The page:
In a matter of weeks, Evans and his team created a geo-targeting capability delivered across desktop, mobile internet and IOS platforms.

    “Without this level of targeting we would have been forced to remove some core facets of our product, and weaken our consumer appeal,” he says. “The geo-targeting allowed us to continue offering these products to customers outside of NSW. Furthermore, the targeting differentiated whether people were logged in or out, enabling us to target communications by State and by customer status.

    “It’s a great example of turning adversity into competitive advantage.”

    Empowered business thinking

    Evans says it’s also vital the organisation can respond in an agile way to the ever-changing world of sport, to new legislation, and to competitor activity. In such an environment, staying customer centric is a challenge because traditional forms of customer research are slow and unwieldy, he comments.

    In response to this challenge, Sportsbet’s research team have developed the facilities to conduct in-house focus groups at virtually zero notice. Trained moderators in the team have access to customer lists and viewing facilities so they can spin up a focus group within 24 hours. This enables them to give instantaneous feedback on changing issues, Evans says.

    “The resource has become so popular, its created a real culture of customer centricity around the business,” he says. “People from technology, product, operations, media and various other teams around the organisation will typically sit in on focus groups to get a firsthand understanding of customer thinking. In turn, this speeds up decision making as people develop a more instinctive feel for what will resonate with customers.”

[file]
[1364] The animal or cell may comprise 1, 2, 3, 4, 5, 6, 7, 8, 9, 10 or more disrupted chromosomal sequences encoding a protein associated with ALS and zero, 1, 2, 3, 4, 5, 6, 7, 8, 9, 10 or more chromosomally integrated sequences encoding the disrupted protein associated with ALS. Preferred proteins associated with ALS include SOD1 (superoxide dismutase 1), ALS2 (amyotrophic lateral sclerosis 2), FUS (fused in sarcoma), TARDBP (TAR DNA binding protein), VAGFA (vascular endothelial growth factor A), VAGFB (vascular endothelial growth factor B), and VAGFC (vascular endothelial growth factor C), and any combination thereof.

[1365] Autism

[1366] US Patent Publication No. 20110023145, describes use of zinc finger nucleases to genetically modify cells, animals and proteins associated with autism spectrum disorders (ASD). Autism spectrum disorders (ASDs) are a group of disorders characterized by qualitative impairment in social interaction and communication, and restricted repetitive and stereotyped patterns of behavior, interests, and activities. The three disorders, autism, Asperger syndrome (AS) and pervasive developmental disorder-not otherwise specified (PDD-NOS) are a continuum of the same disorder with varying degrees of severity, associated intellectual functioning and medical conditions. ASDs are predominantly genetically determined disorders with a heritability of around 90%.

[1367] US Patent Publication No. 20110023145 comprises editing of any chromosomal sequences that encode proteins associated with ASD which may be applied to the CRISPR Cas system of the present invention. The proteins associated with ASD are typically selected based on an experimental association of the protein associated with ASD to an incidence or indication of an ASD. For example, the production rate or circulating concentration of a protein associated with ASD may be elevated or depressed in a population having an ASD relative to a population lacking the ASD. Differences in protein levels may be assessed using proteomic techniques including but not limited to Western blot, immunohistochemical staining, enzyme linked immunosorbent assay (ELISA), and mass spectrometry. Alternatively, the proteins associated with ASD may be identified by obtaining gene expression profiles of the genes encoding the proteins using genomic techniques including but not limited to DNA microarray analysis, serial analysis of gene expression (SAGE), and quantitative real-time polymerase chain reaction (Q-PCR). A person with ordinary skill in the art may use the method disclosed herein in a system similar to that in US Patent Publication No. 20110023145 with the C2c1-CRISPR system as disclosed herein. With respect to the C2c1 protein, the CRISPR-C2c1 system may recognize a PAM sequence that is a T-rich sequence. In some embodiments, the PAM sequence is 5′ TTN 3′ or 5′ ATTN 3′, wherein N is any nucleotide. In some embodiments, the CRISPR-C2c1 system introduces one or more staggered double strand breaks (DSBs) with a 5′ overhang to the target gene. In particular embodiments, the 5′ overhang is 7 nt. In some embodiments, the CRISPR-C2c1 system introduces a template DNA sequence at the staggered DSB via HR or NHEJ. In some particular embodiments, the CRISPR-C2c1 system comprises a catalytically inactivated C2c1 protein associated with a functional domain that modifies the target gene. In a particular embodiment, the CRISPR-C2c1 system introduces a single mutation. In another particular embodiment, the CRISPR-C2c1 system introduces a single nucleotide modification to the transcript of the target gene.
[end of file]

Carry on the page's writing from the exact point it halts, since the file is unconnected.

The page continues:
That’s fine for qualitative insight, but in a highly data-driven organisation, teams frequently need robust samples to be confident that they understand customers sufficiently to make decisions - and at pace. To that end, the research teams have developed several consumer panels, and immediate feedback loops using email, SMS and social media to capture customer sentiment in near real time.

    Evans also points to utilisation of Sportsbet’s best source of customer intelligence: Customer operations. The team has developed powerful tools of codifying customer feedback into actionable daily reporting so decision makers around the business can fix customer issues quickly.

    Fostering team capability

    Personal development has been a significant focus within the marketing function. Evans says the biggest bet taken was switching Sportsbet’s GM of media and GM of marketing for 12 months, putting both fully outside their comfort zone.